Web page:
Ukraine's health ministry said on Sunday that 352 civilians, including 14 children, had been killed since the beginning of Russia's invasion of Ukraine.

It also said that 1,684 people, including 116 children, had been wounded.

Dr Balakrishnan said that Singapore has always complied fully with sanctions and decisions of the United Nations Security Council, which is responsible for the maintenance of international peace and security, but has rarely acted to impose sanctions on other countries in the absence of binding decisions or directions by the council.

"However, given the unprecedented gravity of the Russian attack on Ukraine, and the unsurprising veto by Russia of a draft Security Council Resolution, Singapore intends to act in concert with many other like-minded countries to impose appropriate sanctions and restrictions against Russia,” he added.

He also called Russia’s invasion of Ukraine a “clear and gross” violation of international norms that sets a “completely unacceptable” precedent.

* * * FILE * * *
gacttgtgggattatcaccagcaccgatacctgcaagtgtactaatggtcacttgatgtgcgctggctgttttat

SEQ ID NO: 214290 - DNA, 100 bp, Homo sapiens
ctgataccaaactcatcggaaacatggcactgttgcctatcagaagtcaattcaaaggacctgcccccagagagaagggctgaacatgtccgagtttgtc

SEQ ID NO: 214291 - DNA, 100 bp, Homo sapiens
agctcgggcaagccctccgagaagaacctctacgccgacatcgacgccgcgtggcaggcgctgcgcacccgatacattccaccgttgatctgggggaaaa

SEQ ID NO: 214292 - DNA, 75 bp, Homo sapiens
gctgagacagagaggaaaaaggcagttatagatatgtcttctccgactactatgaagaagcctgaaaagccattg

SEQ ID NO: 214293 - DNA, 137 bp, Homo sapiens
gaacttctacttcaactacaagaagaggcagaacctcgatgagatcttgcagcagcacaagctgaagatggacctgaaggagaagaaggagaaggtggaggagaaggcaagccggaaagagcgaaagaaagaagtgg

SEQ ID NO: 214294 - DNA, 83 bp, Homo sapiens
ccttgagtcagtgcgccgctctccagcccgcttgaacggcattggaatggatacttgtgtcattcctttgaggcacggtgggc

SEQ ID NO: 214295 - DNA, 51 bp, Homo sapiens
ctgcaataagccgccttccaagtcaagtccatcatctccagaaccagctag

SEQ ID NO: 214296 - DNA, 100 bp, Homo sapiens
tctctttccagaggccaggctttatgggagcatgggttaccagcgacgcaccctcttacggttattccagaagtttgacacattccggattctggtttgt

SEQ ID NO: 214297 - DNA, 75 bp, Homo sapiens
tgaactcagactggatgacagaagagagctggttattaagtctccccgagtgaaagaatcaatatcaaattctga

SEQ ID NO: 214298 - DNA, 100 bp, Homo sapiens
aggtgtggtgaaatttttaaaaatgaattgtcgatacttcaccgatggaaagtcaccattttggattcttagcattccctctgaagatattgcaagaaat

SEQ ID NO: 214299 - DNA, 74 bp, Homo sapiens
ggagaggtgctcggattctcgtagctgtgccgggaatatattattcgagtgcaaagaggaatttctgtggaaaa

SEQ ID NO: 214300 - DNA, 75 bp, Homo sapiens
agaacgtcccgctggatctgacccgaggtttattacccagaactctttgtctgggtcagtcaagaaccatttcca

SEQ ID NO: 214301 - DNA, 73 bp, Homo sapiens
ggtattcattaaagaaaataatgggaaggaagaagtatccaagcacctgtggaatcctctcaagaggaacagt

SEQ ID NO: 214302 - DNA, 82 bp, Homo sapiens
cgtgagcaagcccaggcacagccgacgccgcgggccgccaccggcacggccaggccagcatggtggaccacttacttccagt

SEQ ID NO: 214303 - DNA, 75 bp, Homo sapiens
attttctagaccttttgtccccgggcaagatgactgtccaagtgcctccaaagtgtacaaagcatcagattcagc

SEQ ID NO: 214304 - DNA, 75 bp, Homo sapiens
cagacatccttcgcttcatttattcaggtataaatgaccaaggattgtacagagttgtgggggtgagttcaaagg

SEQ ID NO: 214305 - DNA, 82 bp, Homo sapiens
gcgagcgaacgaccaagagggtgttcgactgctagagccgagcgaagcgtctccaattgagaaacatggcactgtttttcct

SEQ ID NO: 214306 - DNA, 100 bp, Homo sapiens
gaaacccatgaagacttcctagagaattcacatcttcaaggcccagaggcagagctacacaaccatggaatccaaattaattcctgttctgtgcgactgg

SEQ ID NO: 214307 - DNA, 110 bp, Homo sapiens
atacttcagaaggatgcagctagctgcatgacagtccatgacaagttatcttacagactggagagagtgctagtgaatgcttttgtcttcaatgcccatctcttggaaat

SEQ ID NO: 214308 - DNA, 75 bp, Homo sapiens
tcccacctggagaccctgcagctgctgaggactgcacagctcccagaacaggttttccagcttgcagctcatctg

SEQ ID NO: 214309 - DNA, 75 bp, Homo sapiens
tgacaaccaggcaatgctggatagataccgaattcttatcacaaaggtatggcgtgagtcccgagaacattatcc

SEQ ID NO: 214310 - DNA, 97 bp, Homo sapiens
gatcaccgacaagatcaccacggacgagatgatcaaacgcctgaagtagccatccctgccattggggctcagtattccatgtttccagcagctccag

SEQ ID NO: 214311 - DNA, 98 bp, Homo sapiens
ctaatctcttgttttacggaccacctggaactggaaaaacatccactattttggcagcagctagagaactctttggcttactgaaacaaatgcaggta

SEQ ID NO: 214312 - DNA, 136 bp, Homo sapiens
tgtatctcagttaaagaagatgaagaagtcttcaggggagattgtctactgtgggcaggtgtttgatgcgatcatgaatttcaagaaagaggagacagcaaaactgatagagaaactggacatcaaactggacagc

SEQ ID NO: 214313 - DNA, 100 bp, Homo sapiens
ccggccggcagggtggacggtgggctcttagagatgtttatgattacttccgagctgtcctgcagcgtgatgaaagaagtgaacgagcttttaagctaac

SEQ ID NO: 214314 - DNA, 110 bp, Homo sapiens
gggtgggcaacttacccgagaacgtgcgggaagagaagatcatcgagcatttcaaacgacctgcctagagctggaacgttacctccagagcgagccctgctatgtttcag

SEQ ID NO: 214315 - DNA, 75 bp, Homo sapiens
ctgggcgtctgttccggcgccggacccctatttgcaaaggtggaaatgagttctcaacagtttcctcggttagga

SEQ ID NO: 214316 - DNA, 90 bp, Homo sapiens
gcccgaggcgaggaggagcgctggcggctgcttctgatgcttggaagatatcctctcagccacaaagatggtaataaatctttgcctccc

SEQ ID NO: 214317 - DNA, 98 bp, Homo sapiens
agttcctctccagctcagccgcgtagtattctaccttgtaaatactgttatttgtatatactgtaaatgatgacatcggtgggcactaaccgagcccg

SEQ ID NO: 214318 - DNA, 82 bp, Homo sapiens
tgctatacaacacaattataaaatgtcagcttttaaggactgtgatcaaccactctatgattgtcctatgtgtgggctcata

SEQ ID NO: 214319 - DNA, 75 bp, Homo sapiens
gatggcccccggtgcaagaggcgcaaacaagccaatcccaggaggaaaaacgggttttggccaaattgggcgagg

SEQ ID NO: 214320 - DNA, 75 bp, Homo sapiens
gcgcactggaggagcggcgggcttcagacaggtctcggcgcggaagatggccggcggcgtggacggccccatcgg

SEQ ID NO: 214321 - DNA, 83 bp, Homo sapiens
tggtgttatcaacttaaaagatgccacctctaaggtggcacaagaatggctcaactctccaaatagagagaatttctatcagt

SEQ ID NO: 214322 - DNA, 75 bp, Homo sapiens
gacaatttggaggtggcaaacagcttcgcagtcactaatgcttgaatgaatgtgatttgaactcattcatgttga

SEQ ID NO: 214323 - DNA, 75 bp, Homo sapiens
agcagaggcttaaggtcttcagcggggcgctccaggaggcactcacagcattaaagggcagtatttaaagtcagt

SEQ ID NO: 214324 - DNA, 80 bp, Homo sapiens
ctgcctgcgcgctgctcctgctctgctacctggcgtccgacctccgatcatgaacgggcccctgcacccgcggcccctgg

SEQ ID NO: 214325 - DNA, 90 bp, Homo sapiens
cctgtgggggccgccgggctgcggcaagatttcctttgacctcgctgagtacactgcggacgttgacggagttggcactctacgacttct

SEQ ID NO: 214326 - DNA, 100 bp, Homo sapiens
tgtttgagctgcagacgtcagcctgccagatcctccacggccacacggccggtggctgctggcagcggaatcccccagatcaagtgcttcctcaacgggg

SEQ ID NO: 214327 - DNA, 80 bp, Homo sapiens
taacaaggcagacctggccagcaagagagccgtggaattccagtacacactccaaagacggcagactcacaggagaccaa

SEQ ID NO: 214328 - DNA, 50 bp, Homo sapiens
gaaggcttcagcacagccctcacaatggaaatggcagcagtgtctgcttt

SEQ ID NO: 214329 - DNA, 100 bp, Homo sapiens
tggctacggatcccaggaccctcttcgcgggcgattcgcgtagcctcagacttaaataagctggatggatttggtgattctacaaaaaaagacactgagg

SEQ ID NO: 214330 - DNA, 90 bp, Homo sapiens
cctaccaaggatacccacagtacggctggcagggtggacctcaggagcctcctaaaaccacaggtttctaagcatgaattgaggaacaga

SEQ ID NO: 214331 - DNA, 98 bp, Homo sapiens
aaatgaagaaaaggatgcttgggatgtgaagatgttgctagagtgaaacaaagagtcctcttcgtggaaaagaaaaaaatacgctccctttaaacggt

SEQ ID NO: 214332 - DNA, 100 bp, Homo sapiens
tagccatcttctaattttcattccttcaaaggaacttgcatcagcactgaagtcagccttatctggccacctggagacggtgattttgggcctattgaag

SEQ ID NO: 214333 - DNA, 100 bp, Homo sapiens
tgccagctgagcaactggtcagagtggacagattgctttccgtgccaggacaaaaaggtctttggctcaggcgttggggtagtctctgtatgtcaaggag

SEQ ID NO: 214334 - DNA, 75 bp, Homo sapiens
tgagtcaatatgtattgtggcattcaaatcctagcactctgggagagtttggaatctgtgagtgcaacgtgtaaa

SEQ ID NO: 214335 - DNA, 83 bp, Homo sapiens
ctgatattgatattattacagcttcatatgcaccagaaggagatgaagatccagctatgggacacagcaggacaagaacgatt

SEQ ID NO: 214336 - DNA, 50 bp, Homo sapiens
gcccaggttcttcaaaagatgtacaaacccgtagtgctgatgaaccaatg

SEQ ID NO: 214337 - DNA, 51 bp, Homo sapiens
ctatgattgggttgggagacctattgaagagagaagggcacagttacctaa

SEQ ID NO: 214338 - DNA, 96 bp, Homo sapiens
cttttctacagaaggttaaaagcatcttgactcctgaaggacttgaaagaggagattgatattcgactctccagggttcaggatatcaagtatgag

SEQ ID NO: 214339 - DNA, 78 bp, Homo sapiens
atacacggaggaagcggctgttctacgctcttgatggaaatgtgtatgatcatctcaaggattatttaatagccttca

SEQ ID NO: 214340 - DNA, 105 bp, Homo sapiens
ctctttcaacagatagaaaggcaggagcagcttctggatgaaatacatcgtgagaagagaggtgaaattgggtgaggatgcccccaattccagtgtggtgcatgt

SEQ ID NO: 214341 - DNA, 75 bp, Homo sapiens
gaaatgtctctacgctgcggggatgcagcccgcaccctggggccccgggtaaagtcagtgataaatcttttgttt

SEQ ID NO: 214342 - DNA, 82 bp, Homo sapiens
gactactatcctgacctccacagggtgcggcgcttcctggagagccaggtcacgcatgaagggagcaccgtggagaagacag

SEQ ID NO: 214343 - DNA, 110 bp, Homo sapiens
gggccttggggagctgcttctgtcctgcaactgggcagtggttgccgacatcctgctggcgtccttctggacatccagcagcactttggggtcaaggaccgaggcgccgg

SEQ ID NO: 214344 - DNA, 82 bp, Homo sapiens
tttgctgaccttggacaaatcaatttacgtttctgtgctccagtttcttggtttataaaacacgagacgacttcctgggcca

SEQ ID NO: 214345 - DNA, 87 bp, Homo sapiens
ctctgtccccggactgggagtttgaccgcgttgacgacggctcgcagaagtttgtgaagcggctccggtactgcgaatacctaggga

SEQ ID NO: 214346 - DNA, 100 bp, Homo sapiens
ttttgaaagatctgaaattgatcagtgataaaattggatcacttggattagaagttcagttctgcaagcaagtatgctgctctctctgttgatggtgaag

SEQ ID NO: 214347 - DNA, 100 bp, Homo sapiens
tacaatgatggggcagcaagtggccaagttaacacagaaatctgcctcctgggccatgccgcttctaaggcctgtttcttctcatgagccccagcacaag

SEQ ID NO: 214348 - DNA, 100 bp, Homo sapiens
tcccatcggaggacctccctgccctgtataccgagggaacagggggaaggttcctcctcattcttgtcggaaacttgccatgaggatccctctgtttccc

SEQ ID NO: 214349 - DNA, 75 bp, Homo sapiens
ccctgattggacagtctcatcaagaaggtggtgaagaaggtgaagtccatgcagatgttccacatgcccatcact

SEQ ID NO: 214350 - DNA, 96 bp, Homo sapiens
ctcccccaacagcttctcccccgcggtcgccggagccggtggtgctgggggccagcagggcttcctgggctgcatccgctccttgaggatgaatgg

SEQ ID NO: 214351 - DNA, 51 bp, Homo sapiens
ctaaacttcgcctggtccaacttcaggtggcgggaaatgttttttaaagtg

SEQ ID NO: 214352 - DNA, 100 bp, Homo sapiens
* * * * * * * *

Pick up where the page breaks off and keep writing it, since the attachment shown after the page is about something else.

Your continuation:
“This is an existential issue for us. Ukraine is much smaller than Russia, but it is much bigger than Singapore,” he said.

Dr Balakrishnan pointed out that a world order based on the principle that “might is right” or where “the strong do what they can and the weak suffer what they must” would be profoundly inimical to the security and survival of small states.

"We cannot accept one country attacking another without justification, arguing that its independence was the result of 'historical errors and crazy decisions'. Such a rationale would go against the internationally recognised legitimacy and territorial integrity of many countries, including Singapore."

DRAWING IMPORTANT LESSONS

Dr Balakrishnan said Singapore can draw important lessons from the crisis in Ukraine, noting that while international law and diplomatic principles are essential, they are not sufficient.

He pointed to the Budapest Memorandum of 1994, which was supposed to guarantee Ukraine’s security by three nuclear powers — Russia, the United States and the United Kingdom — in exchange for its surrender of a large nuclear arsenal it had inherited from the Soviet Union.